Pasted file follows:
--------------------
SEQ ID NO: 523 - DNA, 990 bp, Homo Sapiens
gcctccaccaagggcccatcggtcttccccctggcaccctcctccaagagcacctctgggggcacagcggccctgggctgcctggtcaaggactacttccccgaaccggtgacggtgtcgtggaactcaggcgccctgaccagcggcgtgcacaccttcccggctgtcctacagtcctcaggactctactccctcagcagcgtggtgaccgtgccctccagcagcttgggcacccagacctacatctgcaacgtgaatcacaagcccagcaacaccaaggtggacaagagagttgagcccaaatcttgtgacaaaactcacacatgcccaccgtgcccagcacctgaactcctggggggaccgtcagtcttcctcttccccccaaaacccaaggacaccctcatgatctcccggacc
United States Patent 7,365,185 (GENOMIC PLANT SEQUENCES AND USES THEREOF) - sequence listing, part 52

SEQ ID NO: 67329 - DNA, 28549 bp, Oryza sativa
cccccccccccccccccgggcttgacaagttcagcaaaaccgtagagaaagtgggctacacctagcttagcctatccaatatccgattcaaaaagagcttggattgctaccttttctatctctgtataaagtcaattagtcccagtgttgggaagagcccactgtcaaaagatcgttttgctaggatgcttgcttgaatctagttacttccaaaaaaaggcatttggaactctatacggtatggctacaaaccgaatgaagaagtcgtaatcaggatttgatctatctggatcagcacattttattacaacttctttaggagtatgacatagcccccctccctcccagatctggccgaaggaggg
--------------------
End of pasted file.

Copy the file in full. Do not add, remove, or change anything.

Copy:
SEQ ID NO: 523 - DNA, 990 bp, Homo Sapiens
gcctccaccaagggcccatcggtcttccccctggcaccctcctccaagagcacctctgggggcacagcggccctgggctgcctggtcaaggactacttccccgaaccggtgacggtgtcgtggaactcaggcgccctgaccagcggcgtgcacaccttcccggctgtcctacagtcctcaggactctactccctcagcagcgtggtgaccgtgccctccagcagcttgggcacccagacctacatctgcaacgtgaatcacaagcccagcaacaccaaggtggacaagagagttgagcccaaatcttgtgacaaaactcacacatgcccaccgtgcccagcacctgaactcctggggggaccgtcagtcttcctcttccccccaaaacccaaggacaccctcatgatctcccggacc
United States Patent 7,365,185 (GENOMIC PLANT SEQUENCES AND USES THEREOF) - sequence listing, part 52

SEQ ID NO: 67329 - DNA, 28549 bp, Oryza sativa
cccccccccccccccccgggcttgacaagttcagcaaaaccgtagagaaagtgggctacacctagcttagcctatccaatatccgattcaaaaagagcttggattgctaccttttctatctctgtataaagtcaattagtcccagtgttgggaagagcccactgtcaaaagatcgttttgctaggatgcttgcttgaatctagttacttccaaaaaaaggcatttggaactctatacggtatggctacaaaccgaatgaagaagtcgtaatcaggatttgatctatctggatcagcacattttattacaacttctttaggagtatgacatagcccccctccctcccagatctggccgaaggaggg